1. The Seattle Times reports that despite requests from the City Attorney Pete Holmes for detailed information about low-level downtown criminal offenders, the Seattle Police Department provided only "a list of names and personal information," not details about specific infractions and whether each individual had accepted or refused access to social services typically provided to violators as an alternative to criminal charges. 

Holmes, the Times reports, then rejected a request from SPD interim chief Jim Pugel for criminal charges on the grounds that "none of the information sent to him followed the aims of McGinn’s comprehensive Center City Initiative," which aims to bring together law-enforcement and social-service providers to identify the root causes of the crime problem downtown. 

As we reported back in August, Holmes has declined to file charges against repeat nuisance offenders; now, SPD is declining to pursue charges against repeat offenders themselves. 

2. In addition to running the show in the state's transit and highway planning worlds (hello, WSDOT director Lynne Peterson and Sound Transit director Joni Earl!), women head up all of the region's biking advocacy groups, as Seattle Bike Blognotes—including Puget Sound Bike Share, BikeWA, Bike Works, Cascade Bicycle Club, and Seattle Neighborhood Greenways.

The bike groups' heavily female leadership is especially inspiring given that biking is widely viewed as a man's game; men greatly outnumber women among bike commuters, although that trend is slowly changing. 

3. In less-inspiring news about women, the Tacoma News Tribune offers a dull bit of gender essentialism, suggesting that if only women had been in charge, the ugly federal government shutdown might not have happened.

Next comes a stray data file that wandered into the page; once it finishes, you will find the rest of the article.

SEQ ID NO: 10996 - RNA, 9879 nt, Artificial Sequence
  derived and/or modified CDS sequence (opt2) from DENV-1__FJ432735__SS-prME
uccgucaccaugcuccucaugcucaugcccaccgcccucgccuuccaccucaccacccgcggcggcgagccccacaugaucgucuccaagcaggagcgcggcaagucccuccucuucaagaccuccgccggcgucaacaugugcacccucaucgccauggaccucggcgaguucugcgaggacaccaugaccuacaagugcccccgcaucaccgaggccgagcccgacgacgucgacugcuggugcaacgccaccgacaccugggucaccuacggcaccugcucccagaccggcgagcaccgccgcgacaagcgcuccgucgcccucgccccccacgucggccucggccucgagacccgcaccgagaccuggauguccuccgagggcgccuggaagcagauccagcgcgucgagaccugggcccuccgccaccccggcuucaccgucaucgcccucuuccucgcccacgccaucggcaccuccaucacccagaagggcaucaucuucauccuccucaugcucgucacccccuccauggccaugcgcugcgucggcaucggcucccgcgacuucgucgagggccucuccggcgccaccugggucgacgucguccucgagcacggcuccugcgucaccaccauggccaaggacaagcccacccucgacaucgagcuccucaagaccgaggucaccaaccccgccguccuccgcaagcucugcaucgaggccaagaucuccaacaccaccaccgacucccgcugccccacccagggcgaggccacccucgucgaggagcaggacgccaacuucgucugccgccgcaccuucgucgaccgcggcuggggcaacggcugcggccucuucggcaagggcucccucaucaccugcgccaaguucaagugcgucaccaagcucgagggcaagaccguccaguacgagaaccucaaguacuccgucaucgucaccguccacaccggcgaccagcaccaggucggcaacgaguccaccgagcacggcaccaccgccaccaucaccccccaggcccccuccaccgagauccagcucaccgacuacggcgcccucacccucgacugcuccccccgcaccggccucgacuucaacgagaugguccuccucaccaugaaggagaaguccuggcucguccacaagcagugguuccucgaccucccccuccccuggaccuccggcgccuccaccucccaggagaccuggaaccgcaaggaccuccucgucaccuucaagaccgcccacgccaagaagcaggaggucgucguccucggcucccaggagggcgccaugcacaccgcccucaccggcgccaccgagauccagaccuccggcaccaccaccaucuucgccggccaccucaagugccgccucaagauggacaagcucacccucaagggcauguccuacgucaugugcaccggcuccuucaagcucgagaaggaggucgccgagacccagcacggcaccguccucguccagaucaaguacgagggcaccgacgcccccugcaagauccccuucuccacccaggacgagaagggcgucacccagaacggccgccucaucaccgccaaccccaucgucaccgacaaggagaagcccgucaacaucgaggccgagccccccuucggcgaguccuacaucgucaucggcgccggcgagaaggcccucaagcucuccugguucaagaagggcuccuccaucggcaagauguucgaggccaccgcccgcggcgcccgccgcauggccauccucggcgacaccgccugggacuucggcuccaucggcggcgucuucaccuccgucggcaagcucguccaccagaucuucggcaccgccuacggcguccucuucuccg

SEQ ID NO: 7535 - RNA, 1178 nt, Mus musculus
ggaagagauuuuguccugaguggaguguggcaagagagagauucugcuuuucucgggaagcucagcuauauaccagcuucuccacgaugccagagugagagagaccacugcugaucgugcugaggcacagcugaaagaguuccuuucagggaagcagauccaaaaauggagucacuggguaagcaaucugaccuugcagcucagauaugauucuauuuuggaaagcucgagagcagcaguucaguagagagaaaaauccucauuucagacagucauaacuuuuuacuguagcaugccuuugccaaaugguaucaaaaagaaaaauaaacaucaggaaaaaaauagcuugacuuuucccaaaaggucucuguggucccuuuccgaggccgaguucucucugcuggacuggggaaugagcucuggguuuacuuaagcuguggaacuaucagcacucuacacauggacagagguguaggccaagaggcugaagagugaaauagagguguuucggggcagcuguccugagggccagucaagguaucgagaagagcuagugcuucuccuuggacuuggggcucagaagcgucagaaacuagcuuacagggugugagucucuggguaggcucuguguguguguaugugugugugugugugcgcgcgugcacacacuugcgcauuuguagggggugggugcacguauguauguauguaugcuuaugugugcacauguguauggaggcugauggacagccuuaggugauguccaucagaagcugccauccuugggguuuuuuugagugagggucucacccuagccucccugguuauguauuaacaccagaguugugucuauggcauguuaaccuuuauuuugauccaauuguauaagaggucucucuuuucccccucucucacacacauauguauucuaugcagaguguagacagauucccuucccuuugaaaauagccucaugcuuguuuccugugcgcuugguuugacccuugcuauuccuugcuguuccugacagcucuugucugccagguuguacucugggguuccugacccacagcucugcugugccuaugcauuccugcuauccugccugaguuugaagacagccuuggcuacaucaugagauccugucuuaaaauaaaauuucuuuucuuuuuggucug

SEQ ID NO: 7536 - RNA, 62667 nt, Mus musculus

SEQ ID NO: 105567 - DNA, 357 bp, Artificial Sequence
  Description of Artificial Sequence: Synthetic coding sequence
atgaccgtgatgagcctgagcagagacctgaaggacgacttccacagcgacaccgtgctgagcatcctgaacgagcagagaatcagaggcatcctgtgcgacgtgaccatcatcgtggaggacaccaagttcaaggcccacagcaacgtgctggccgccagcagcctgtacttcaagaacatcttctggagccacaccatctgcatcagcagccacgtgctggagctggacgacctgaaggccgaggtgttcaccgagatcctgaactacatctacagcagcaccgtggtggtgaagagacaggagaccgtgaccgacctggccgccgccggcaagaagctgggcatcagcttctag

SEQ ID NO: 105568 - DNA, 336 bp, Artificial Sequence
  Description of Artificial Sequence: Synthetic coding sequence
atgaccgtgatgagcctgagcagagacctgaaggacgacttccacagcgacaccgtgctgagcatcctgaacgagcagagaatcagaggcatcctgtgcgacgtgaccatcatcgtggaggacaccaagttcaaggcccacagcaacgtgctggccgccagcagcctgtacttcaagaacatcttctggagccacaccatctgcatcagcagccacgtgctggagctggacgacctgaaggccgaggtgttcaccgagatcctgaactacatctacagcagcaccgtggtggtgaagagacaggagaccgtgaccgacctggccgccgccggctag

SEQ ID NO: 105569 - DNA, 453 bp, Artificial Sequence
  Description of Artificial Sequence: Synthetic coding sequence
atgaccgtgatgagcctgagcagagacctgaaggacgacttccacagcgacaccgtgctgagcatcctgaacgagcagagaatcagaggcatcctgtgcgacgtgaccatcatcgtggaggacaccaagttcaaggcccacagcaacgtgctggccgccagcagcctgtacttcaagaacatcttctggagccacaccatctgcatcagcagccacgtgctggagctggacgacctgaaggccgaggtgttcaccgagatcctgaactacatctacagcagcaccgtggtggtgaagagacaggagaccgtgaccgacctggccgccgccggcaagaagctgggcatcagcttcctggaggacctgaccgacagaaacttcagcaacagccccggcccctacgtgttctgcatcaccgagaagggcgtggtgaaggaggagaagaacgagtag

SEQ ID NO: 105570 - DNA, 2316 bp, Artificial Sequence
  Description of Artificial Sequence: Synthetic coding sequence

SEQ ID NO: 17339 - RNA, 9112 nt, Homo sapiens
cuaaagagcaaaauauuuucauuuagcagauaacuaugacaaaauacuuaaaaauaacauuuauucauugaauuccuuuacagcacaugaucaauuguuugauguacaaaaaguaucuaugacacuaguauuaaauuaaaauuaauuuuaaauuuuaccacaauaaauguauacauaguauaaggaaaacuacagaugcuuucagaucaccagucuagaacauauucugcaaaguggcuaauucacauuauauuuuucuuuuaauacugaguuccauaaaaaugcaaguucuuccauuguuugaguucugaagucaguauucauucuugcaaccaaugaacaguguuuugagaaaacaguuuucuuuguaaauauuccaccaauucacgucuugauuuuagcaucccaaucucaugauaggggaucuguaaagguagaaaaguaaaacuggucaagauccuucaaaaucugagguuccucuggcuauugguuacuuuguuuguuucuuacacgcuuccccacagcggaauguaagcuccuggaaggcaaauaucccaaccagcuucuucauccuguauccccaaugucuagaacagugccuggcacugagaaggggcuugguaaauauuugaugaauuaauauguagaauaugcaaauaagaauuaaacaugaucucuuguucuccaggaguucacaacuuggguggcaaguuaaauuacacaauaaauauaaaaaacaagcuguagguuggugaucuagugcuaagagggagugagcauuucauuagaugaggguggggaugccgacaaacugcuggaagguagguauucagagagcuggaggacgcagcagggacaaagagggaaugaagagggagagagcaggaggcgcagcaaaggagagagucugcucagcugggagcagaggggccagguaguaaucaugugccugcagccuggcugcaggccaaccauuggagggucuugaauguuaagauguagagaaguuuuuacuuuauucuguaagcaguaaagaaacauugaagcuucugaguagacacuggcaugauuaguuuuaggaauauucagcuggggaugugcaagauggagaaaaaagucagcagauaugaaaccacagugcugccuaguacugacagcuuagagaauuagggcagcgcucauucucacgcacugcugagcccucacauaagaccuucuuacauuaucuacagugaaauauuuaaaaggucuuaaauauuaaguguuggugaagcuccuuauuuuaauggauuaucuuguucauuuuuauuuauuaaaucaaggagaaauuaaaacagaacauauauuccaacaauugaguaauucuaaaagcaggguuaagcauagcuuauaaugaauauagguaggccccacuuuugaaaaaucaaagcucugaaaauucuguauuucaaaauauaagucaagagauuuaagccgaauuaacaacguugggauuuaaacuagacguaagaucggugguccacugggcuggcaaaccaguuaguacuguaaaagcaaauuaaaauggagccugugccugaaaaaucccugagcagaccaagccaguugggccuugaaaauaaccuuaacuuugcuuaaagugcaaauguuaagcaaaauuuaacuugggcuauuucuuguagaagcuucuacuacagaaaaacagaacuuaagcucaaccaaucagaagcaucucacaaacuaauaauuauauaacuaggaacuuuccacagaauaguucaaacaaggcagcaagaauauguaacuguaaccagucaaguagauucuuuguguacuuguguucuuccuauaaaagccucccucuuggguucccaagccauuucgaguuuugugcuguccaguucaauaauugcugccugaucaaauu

News flash for the TNT: Even those with two X chromosomes are capable of being pretty damn stubborn (see: Cathy McMorris Rodgers.) 

4. We were bowling with the SeattleMet crew yesterday afternoon (Josh wants me to tell you that he bowled a 143), so, we missed some On Other Blogs material: Yesterday, the Stranger published their endorsements. 

Spoiler alert! They like McGinn!

And in other endorsement news this week: The Seattle/King County Municipal League supports public campaign financing for Seattle elections, and opposes switching to a 7-2 hybrid district election system. The Seattle Times supports districts but opposes public campaign financing. 

5. Speaking of the Stranger: The Wall Street Journal reports on our former Stranger colleague Ari Spool, who's running (as a write-in candidate) for mayor of New York City.

Spool, who once gave me a ravioli mold, lives in Queens, isn't accepting any financial donations, and has no campaign office; she's currently a student at the New School. 

Josh fondly remembers the young Spool boasting about reading the NYT cover to cover every day.
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